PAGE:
I also agree about the volume pedal; unfortunately mine gets used as an expensive mute button most of the time, but it's great to be able to back off when you turn on a particularly hot overdrive or whatever (the GeminiDrive comes to mind: that pedal is either OFF or EXTREMELY LOUD).
  8. Funkturnal


    Nov 17, 2009
    Tokyo, Japan
    I'm bringing this thread back up, hoping my question is relevant enough.

    Basically, in doing some research on trying to achieve an authentic jungle sound, the Moog lowpass filter kept coming up. So I went on a little scavenger hunt to find this pedal. I managed to find it in a store, and told the guys working there that I wanted to try it out on a bass. (They kind of gave me a strange look, so I told them that I wanted to combine it with an octave pedal to get a jungle sound.)

    Anyway, the guy at the store plugs a bass in and plugs the output into an amp. All of a sudden, there was a huge sound and I could see the speaker cone just about burst! The guy started twiddling the knobs trying to find a "flat" setting, but it just sounded like the signal from the instrument was really weak. So, more twiddling with the knobs, and again, a huge bang which could probably damage the speakers.

    In the end, the guy was like, "I think this thing is broken..." I haven't had any experience with the pedal since, but from anyone's experience, was something wrong with the pedal, or is this "normal behavior" of the pedal combined with sales staff who didn't know the product? I got the impression that you really have to know what you're doing with this pedal or you might end up damaging your amp.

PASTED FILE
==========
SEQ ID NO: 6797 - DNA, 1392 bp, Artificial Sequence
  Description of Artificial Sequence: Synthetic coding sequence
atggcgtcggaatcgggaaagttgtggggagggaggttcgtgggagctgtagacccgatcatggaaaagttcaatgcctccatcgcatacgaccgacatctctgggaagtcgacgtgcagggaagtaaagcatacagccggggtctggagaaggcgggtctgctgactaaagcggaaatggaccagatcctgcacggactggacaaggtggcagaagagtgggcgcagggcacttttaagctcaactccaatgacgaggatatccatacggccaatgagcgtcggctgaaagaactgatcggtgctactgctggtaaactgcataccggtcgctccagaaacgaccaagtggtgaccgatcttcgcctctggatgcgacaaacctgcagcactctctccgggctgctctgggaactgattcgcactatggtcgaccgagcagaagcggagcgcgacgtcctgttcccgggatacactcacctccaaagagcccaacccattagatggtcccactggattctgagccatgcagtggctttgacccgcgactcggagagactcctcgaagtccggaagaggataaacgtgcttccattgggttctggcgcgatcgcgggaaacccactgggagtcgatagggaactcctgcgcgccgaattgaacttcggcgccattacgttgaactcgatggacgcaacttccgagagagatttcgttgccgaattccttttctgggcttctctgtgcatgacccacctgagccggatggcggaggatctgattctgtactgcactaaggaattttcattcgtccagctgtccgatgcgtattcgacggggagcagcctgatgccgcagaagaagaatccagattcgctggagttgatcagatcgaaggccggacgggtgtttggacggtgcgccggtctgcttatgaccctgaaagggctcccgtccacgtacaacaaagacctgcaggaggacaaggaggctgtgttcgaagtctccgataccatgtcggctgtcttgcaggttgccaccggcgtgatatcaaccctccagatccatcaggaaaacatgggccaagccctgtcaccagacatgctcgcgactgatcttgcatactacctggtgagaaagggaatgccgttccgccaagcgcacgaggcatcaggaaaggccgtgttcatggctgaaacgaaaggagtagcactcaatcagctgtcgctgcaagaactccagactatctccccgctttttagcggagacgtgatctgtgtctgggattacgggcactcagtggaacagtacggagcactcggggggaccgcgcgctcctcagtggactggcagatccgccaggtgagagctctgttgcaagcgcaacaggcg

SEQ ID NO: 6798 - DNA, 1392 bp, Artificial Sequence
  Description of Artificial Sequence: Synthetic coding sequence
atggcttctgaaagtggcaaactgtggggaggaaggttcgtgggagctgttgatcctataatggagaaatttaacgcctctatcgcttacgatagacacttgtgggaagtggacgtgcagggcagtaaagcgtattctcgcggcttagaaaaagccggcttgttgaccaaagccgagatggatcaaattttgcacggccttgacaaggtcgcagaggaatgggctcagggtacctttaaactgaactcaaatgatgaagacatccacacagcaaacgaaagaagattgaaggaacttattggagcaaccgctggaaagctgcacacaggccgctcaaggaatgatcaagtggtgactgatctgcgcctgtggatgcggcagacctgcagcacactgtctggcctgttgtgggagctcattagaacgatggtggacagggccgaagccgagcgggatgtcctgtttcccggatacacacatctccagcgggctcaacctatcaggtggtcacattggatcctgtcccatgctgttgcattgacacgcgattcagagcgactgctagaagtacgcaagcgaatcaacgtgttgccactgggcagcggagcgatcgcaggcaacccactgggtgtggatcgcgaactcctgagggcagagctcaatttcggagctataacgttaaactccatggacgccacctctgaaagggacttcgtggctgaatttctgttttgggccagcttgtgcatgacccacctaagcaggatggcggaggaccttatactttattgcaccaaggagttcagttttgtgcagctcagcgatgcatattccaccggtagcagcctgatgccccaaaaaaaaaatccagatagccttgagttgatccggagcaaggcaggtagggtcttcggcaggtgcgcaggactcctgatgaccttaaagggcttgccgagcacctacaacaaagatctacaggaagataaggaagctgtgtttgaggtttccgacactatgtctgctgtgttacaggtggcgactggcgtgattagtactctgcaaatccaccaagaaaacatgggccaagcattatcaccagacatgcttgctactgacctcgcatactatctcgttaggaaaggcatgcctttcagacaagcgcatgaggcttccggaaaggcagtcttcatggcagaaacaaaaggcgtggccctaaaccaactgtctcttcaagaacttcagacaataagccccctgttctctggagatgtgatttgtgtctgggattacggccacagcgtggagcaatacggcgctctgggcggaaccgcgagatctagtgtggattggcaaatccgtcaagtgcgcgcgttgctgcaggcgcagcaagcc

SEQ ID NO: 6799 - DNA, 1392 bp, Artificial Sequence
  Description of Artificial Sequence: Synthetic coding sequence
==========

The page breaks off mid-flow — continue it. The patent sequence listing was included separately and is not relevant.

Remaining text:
Sorry for the total newbie question, but I'm hoping I can get over this experience and resume my quest for the jungle tone! ;)
  9. If the guy was just 'fiddling' the knobs and turned the 'resonance' up to 8.5+, then the filter will 'self-oscillate', ie produce a loud static tone that will change with movement of the "frequency" knob. This can be dangerous if you have your amp turned up loudly and get it to self-oscillate, as it oscillates much louder than Unity so you need to plan for that if you want to use it as an oscillator.

    If you're going for a thick sub-bass tone, plug into the Octave and set the octave to 1 octave down and no dry signal, then from the Octave into the Lowpass filter with the 'Envelope' at 0, 'Mix' at 10, Resonance at Noon for starters (then adjust to taste), and the "Frequency between 9 and 12, and adjust from there. Anytime you turn the Resonance up to 8.5 or higher, it will self oscillate loudly-- this can be useful and fun(ie making noise), but be ready for it.

    For regular envelope filter tones, put the 'Envelope' to 10, Resonance around 8 or so, and start the Frequency around 9-10ish, and again adjust to taste.
  10. bongomania

    bongomania Supporting Member Commercial User

    Oct 17, 2005
    PDX, OR
    owner, OVNIFX and OVNILabs
    Yes, the guy could certainly have set it with a high resonance, which can blow speakers if you're not careful.
  11. Funkturnal


    Nov 17, 2009
    Tokyo, Japan
    Thanks guys! That's definitely good to know. The pedal should come with a warning sign. ;) Then again, I guess these pedals weren't designed especially for bass, so they won't be as fool-proof as an octave pedal. But lesson learned - be careful with the resonance. :)
  12. dannybuoy


    Aug 3, 2005
    If you're having Moog problems I feel bad for you son, I got 101 problems but a Moog ain't one.
  13. bongomania

    bongomania Supporting Member Commercial User

    Oct 17, 2005
    PDX, OR
    owner, OVNIFX and OVNILabs
  14. Haha awesome :smug:
  15. Actually there is a large warning in the manual about this IIRC :D